History & Evolution of the Golf Club
Since the invention of the game of golf, golfers have been making clubs themselves. In these early days, they were typically made of wood. Later, golfers turned to skilled artisans for high-quality golf club production. King James IV of Scotland was the first one to commission William Mayne as the Royal Clubs Maker.
By the 1500s, the clubs were made of wood; a shaft was made from ash while the golf club head was crafted from tougher woods such as holly or apple. The two would then be connected together and be bound by a leather strap.
Despite the introduction of the Featherie in 1618, the club's head continued to be made of wood. However, since the Featheries were delicate, with iron forged on the head. The wooden clubs were expensive due to the time and labor spent in making them, and as such, golf games were seen as an activity of high-class people.
In 1848, Reverend Adam Paterson introduced the guttie ball, leading to the development of longnose and drivers club. They were replaced by Bulgers, which resembles the modern woods. In the 1870s, the drop forging companies were able to produce club heads made of iron. Later in 1900, persimmon was now used to make the clubs head. Later, in 1908 more innovations were made; grooves on the golf club face increased backspin, generating the ability to hit the ball over a longer distance.
Until 1939, a golfer was allowed to carry between 20 and 30 clubs in their bags. With the introduction of the steel-shafted club, R&A introduced the 14 club rule in 1939. For the next few decades, little advancement was made, and it wasn’t until 1963 that the casting technique of manufacturing club heads was introduced, and which has resulted in them becoming more affordable. Solheim developed the ping putter in the 1970s, which added more weight at the heel, enabling golfers to putt straight. In 1973, graphite shafts were introduced; these shafts were more rigid, lighter, and stronger than the steel shafts.
Then, in the early 2000's hybrid clubs made of wood and iron were invented. These became popular, especially among seniors or women. Technological advancements have further enabled them to be personalized for individual needs.
What Is The Best Way To Clean Golf Clubs?
Golf clubs are a vital aspect of your game, and proper maintenance is essential for long-lasting and effective use. Various methods can be used to clean a golf club based on the material. However, the best way to clean a metal woods golf club is by following three basic tips.
How Do You Clean Metal & Wood?
- Mix warm water and two teaspoons of dishwashing soap into a bowl or a bucket.
- Take your old toothbrush, deep it into the mixture, and scrub your clubs in circular motions. Avoid getting it too wet.
- Take a clean towel and dry it entirely. Ensure that no moisture is retained as it can rust the metallic part if left moist.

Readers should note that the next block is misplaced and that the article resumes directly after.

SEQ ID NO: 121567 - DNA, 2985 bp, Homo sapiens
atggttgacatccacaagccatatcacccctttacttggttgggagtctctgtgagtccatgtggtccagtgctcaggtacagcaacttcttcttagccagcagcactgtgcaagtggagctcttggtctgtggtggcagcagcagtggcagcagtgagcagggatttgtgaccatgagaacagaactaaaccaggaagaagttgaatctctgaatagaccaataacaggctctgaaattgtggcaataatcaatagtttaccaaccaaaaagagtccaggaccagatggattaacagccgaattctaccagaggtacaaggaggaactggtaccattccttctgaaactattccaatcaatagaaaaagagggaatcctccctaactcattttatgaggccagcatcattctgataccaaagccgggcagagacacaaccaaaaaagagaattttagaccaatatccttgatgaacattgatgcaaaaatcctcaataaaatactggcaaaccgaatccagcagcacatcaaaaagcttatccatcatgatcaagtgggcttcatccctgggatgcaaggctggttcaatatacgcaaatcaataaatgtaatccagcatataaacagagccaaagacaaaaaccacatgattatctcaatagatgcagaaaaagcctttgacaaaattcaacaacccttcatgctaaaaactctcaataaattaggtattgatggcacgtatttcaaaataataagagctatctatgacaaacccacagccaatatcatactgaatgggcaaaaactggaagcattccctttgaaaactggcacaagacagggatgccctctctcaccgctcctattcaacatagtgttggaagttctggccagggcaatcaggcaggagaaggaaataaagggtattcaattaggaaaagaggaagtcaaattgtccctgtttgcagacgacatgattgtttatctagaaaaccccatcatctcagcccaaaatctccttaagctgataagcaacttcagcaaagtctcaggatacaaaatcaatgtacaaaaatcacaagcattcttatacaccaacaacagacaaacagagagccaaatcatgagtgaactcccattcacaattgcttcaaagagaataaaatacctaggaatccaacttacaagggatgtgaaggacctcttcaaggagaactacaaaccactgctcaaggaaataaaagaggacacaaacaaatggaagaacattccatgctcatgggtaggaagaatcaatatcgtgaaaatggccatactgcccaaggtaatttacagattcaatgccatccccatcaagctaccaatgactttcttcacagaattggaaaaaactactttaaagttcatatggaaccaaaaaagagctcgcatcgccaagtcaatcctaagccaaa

- Avoid submerging this type of golf club into the water. A lot of water or wetness can destroy the wood part of the golf club.
How Do You Clean A Golf Club Shaft?
Cleaning the shaft is as important as cleaning the head, as they can get dirty or even rust over time. To remove this dirt, use a damp cloth to wipe it off. Then, use another towel to dry it up. If your club shaft has rust, you can use vinegar instead of water in cleaning. After the rust is gone, use a clean towel to dry and remove any remaining vinegar.
Cleaning Golf Club Grips
Golf club grips can quickly get dirty or even worn out from sweat. You can use a damp cloth to get rid of dirt and rinse it with clean, warm water. Then use a towel to dry it, ensuring no water has gotten into the shaft. After each use, wiping the club is the key to reducing the time and difficulty of cleaning the golf club in the future. You can carry products such as the Club Glove microfiber double towel with you to help with this during play.
Which Cleaning Products are Required?
- A Bucket/Bowel: This should be large enough to fit the number of golf clubs that you have
- Warm Water: Luke-warm water is preferred over hot, as too high of a temperature can loosen the joint between the golf club head and shaft.
- Light dish soap
- A soft-bristled brush/ toothbrush: Hard brushes can cause scratches to your club, reducing its effectiveness.
- Towels: The number of towels needed is based on the number of clubs that you have.
What Should You Avoid Doing When Cleaning Your Clubs?
- Avoid using hot water
- Do not dip or submerge the shaft or club heads in water if they are made of wood
- Avoid the use of stiff brush while scrubbing as it can cause scratches
- Avoid leaving your clubs wet
Various methods can be used in cleaning a golf club. The choice of the technique depends on the material of the golf club.
Purchase Great Home Practice Equipment
Just as you will need your clubs to be in proper condition to play your best game, you will also need you to have your game in the best possible condition. Regular practice will be vital to keep your game in the condition it needs to be in, and Rawhide Golf Ball Co can provide you with all the balls and practice mats that you will need to maintain your short and long game.